HARMELING: Do you really know how good KT is?

I IMAGINE IT DIDN'T take long for the Cougar Nation, as well as the rest of the Pac-10, to find out that Klay Thompson was a special player. However, I would argue that nobody found out sooner than me. Let's rewind to last summer. The much-heralded freshman class of '08 arrived on campus set to scrimmage the upperclassmen.

I had heard that Klay was a big-time talent. As luck would have it, I drew the task of guarding him in the very first pick-up game of the summer. Knowing that freshmen are always eager to prove their mettle, I had no intentions of letting a scrawny kid fresh out of high school get the best of me.

Then the first play of the game happened. Mike Harthun pulled up for a jumper, and as he released I turned to box-out Klay (Dick, if you're reading this I'm sure you have a pretty good sense of the result of what occurred next, in which case you can just skip ahead a few lines). Sure enough, I found Klay scraping his forehead on the rim as he threw down the rebound with a one-handed jam.

Thinking that three is always better than two, I thought the best course of action would be to respond by pouring in a beauty from way downtown ... which would have been great had it gone in. The long miss resulted in a long rebound, which was quickly out-letted to Klay. As I sprinted back in transition, I realized that I was the only defender, which left me one-on-one with Klay in the open court.


As I picked him up at the 3-point line, he made a move that initially made me think he was going left -- wait, no, he's going right! -- only to find that he was actually giving me a friendly step back to set up his 26-foot jumper. Do I really need to tell you it went in?

Sometime between the ball going through the net and it hitting the ground, I realized a few things: 1) Klay Thompson is starting this year. Period. 2) Klay Thompson is the best freshman at WSU that I had ever seen. Period. 3) Klay Thompson will have the green light. Period.

I share that story for two reasons. First, while I know Cougar fans enjoyed watching Klay last season, I'm not sure they truly understood the exceptional caliber of this young kid playing in the shadow of Taylor Rochestie and Aron Baynes. The second reason for sharing the story is this: Klay Thompson is now a year wiser and better -- and he's going to be lighting up the scoreboard this season.

You read it here first -- starting this season, the Cougar Nation is going to be talking about this kid for a long, long time.

THERE'S MORE TO KLAY THAN just talent on the court, though. He has tremendous character and keeps his nose clean. Even though it may be hard to believe, he makes better decisions off the court than he does on it. Don't take this for granted. It is not often that a player this talented conducts himself in such an upright manner even though we have been spoiled in recent years with the likes of Weaver, Cowgill, and Low who all fit that mold.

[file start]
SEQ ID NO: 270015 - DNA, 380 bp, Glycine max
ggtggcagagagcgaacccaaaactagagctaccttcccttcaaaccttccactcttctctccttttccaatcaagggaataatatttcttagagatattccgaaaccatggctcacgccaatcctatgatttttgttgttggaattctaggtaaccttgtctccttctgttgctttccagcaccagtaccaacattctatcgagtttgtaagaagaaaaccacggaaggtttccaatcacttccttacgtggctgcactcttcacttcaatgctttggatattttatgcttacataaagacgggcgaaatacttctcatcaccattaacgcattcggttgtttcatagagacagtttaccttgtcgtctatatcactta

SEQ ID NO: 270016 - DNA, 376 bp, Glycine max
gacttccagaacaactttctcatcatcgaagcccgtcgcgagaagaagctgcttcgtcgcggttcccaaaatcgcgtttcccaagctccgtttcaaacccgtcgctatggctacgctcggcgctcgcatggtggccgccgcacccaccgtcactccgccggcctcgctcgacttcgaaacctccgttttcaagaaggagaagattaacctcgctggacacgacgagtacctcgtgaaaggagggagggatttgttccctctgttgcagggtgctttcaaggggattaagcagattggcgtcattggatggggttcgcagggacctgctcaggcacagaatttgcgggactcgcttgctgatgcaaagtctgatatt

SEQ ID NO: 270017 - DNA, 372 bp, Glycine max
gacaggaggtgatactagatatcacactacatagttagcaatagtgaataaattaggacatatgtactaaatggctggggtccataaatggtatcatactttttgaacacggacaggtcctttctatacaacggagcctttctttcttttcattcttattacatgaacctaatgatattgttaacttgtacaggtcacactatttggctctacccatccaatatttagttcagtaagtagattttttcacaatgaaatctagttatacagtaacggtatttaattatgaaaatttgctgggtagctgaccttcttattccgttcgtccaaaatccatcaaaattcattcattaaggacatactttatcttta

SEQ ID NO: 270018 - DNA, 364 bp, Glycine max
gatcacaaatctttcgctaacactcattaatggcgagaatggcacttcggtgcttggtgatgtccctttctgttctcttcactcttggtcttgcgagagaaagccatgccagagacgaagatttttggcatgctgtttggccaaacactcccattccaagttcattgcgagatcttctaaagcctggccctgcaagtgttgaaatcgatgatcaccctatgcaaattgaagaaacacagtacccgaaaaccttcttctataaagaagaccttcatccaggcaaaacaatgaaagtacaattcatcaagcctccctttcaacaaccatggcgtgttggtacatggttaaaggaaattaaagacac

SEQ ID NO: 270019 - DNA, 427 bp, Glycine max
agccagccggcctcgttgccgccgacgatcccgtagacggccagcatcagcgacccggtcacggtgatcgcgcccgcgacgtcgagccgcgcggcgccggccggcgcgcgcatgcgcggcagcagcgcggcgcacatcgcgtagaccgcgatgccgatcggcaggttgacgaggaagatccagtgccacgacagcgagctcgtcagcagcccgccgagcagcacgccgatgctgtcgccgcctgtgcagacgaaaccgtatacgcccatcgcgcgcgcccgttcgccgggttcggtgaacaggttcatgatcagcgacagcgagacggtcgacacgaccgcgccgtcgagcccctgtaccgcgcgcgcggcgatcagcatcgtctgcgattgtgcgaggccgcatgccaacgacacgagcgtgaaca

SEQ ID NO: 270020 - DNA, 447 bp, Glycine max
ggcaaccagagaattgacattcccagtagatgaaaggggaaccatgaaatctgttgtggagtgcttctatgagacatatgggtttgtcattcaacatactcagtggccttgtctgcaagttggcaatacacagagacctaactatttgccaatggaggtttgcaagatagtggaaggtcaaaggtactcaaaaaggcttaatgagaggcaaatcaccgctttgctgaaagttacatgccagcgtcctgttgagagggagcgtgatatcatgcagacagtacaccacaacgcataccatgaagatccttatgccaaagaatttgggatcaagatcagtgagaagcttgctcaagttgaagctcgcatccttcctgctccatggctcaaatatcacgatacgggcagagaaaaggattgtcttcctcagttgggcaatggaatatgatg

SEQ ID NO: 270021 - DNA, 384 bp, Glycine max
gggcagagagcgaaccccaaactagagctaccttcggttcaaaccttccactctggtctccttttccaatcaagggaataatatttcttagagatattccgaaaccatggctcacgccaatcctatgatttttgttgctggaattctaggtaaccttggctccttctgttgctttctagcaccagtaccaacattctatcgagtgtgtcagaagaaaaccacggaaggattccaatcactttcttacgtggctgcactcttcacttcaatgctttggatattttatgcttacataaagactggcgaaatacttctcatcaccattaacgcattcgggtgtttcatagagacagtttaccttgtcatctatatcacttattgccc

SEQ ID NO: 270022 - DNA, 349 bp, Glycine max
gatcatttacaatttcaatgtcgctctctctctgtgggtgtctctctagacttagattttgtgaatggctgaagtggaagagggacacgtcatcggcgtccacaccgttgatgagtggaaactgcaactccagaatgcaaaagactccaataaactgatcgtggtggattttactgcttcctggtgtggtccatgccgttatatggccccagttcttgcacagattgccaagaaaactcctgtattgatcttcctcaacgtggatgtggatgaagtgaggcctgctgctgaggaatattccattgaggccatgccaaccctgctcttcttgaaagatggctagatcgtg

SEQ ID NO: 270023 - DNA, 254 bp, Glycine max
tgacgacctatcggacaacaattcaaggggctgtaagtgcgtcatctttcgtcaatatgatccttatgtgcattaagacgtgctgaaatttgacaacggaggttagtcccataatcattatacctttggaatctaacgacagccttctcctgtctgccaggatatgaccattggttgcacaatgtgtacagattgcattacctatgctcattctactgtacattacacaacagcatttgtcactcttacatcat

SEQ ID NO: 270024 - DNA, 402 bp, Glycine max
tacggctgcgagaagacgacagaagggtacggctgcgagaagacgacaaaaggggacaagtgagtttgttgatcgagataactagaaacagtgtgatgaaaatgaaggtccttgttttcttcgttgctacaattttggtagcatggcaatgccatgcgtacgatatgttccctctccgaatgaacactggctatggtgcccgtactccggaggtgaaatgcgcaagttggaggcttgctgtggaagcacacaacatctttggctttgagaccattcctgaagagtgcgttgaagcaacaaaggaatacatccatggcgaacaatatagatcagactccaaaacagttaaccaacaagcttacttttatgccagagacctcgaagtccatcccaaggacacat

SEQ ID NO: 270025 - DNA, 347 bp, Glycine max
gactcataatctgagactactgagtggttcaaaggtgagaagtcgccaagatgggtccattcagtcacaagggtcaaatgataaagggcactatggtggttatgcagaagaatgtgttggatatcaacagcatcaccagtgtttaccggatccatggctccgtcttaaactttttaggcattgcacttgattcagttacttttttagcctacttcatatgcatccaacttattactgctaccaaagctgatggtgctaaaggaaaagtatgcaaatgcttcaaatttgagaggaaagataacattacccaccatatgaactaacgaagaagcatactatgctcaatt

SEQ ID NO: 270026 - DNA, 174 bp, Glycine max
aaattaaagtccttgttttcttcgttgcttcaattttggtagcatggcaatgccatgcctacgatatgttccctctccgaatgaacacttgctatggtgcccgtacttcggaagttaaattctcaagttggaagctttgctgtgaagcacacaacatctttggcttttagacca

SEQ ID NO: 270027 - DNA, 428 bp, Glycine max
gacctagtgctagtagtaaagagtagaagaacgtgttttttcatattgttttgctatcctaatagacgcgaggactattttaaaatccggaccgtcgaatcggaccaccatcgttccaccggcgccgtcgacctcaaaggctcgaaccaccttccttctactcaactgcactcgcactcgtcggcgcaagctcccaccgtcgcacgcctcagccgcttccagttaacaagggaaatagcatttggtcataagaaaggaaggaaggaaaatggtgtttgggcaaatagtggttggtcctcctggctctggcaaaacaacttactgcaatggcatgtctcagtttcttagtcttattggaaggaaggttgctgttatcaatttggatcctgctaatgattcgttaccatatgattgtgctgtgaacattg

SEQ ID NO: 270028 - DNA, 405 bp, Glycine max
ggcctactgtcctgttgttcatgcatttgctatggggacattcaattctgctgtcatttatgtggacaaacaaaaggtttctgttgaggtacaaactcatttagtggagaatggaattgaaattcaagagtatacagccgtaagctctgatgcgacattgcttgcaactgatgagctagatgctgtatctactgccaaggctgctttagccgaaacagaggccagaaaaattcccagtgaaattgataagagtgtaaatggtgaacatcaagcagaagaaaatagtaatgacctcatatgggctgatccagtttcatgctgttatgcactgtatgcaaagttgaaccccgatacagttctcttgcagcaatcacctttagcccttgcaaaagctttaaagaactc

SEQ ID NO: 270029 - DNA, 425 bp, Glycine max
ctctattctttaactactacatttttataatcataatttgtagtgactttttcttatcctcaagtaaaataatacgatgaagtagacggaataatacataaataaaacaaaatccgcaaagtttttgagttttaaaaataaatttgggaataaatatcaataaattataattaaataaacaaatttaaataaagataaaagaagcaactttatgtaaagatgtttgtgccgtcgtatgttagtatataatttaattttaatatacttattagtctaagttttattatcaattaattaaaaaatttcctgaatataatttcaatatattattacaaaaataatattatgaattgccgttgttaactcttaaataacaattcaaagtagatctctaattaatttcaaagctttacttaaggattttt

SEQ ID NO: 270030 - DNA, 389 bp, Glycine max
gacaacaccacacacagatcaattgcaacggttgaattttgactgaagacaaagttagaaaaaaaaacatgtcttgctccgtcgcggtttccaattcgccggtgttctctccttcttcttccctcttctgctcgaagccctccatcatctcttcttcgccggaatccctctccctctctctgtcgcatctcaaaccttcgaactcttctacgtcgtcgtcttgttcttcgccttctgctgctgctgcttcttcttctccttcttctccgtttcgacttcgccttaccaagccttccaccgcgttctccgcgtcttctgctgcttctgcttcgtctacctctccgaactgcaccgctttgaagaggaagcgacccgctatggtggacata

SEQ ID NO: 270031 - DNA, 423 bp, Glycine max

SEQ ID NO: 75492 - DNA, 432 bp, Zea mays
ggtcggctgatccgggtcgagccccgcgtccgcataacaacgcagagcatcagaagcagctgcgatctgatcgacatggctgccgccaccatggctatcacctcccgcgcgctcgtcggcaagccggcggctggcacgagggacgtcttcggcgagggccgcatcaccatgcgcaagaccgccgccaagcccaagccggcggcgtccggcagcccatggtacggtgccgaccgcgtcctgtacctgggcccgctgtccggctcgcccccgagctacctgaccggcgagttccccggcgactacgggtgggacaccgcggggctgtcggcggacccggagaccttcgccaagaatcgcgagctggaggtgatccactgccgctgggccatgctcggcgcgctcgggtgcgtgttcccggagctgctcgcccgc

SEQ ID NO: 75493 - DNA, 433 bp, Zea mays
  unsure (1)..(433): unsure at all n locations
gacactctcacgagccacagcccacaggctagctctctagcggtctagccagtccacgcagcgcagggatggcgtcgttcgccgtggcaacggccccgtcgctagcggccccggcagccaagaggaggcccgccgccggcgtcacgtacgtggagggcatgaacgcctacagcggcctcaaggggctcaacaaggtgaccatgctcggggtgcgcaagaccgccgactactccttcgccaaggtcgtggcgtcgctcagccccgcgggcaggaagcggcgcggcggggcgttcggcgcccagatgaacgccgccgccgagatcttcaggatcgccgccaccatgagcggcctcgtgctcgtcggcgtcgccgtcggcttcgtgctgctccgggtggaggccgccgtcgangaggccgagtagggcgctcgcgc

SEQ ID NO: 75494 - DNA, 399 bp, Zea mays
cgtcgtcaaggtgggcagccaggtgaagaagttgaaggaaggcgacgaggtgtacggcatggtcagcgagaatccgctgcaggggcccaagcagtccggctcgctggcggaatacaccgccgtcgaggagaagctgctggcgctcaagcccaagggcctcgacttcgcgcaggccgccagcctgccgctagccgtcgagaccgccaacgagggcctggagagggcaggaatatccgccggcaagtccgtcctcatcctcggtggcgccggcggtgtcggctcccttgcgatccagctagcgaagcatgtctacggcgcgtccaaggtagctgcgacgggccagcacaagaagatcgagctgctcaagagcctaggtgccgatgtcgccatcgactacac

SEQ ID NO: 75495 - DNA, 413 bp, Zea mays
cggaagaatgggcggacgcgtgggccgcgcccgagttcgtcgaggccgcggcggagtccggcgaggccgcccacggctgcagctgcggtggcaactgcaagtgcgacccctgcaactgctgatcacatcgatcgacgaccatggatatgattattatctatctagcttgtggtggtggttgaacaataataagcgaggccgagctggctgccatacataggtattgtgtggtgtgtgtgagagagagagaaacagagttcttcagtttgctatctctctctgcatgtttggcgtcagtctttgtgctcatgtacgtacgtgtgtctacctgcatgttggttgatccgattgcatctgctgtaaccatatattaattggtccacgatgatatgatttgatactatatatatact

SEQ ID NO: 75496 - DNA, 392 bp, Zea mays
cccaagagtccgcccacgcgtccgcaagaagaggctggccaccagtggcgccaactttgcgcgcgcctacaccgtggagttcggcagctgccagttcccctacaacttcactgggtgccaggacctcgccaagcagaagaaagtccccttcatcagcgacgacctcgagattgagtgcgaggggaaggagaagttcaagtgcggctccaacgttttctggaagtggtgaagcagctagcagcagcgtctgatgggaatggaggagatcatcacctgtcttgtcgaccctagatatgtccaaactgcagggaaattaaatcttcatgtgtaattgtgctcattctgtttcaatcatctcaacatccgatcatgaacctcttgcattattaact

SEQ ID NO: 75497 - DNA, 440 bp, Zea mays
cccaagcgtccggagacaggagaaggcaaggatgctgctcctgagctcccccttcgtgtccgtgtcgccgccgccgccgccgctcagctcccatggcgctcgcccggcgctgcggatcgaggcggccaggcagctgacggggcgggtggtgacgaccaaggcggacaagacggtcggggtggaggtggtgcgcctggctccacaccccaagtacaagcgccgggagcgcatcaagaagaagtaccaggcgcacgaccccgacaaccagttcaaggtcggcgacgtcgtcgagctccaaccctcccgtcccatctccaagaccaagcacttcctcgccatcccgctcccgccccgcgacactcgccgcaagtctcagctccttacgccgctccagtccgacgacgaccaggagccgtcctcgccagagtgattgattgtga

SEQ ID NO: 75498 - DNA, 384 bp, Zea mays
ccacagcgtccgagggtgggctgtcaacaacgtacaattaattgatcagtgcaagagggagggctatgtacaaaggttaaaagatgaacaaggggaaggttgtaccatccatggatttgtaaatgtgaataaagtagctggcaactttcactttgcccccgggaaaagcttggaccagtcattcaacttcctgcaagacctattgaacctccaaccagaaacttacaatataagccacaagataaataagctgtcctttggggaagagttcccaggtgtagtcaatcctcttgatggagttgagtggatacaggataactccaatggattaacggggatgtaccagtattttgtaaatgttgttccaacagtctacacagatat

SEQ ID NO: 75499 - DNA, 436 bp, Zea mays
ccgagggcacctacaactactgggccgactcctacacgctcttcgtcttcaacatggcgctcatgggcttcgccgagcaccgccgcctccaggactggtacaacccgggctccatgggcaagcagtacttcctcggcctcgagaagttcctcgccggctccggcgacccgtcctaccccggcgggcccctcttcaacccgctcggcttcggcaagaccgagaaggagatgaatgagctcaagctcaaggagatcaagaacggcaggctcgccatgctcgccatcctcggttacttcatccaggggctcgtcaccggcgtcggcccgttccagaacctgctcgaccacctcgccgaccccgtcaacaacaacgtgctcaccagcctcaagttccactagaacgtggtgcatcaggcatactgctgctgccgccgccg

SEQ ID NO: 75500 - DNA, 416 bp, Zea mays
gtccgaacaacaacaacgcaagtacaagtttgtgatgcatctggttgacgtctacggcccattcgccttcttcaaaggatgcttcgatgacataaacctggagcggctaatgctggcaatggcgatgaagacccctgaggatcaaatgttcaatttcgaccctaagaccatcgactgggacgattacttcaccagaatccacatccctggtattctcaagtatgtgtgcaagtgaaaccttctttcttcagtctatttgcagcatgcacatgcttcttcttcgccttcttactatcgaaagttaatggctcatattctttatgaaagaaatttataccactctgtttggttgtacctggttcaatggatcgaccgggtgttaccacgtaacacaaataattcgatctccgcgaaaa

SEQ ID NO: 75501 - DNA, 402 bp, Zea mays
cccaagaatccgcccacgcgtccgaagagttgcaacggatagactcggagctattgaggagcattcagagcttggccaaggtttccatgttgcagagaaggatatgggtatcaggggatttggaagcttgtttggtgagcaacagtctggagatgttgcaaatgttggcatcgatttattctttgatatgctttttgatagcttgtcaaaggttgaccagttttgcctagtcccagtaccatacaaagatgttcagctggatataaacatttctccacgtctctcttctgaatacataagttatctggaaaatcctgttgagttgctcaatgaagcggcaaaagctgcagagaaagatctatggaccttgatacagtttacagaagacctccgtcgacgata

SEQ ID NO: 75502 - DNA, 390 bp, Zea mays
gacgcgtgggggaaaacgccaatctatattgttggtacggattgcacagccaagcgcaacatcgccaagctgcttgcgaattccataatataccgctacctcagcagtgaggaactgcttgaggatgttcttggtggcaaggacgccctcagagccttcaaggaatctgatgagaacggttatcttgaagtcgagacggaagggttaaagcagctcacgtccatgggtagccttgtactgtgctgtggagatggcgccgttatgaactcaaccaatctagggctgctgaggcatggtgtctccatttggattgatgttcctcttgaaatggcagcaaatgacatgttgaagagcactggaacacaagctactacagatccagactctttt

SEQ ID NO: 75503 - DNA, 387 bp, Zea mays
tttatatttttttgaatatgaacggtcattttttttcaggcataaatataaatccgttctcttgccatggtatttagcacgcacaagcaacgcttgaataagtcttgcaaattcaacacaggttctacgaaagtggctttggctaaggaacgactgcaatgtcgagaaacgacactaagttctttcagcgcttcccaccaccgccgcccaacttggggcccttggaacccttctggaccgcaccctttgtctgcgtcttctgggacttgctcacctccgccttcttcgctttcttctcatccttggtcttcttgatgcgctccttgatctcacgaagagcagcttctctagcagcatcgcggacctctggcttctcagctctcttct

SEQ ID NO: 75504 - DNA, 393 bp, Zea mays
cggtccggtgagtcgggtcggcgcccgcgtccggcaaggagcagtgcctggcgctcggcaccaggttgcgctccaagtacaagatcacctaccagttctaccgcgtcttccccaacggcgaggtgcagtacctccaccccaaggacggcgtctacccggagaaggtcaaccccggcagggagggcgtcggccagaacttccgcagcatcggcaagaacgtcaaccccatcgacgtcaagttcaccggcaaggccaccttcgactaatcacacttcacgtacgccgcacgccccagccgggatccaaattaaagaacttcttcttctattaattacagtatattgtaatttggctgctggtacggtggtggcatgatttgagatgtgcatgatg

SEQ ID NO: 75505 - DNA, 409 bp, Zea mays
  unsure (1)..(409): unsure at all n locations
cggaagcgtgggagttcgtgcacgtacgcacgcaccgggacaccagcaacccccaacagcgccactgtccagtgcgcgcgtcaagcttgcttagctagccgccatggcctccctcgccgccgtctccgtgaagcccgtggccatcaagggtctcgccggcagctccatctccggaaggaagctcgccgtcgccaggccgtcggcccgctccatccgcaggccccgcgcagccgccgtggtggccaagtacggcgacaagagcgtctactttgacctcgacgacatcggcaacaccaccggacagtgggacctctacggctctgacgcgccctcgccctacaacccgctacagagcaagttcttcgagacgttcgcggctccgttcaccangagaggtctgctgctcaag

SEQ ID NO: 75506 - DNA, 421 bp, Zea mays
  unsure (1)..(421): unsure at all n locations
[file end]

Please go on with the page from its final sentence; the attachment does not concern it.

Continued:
I had the privilege of rooming with Klay on the road and there wasn't one night that passed without him asking me to tell stories about my early days, on and off the court, at WSU. Topics ranged from playing in front of 1,200 for a season opener (seems a bit thin compared to recent years!) to classic tales about current and former players and coaches.

To be fair, I should mention one thing about my former roomie that didn't always seem to add up. For a guy whose dad played in the NBA, it always seemed a bit ironic that when it came time to grab some snacks on the road, Klay miraculously NEVER had any money. I'm still trying to figure that one out.

But hey, in a few years when it's time to catch-up over dinner, I'm confident he'll be footing the tab. Just a hunch, but my guess is that his hoops career is going to be a bit longer and more successful than mine. In fact, there's no way I'm going to be reaching for my wallet.

ABOUT THE AUTHOR: Daven Harmeling was a mainstay on the Washington State basketball team during the most successful three-year stretch in Cougar history. Part of Dick Bennett's stellar recruiting class of 2004, this Grand Junction, Colo., product completed his eligibility last season and now is in Vancouver, Wash., fulfilling student teaching requirements. He will be writing a regular column for Cougfan.com this season.

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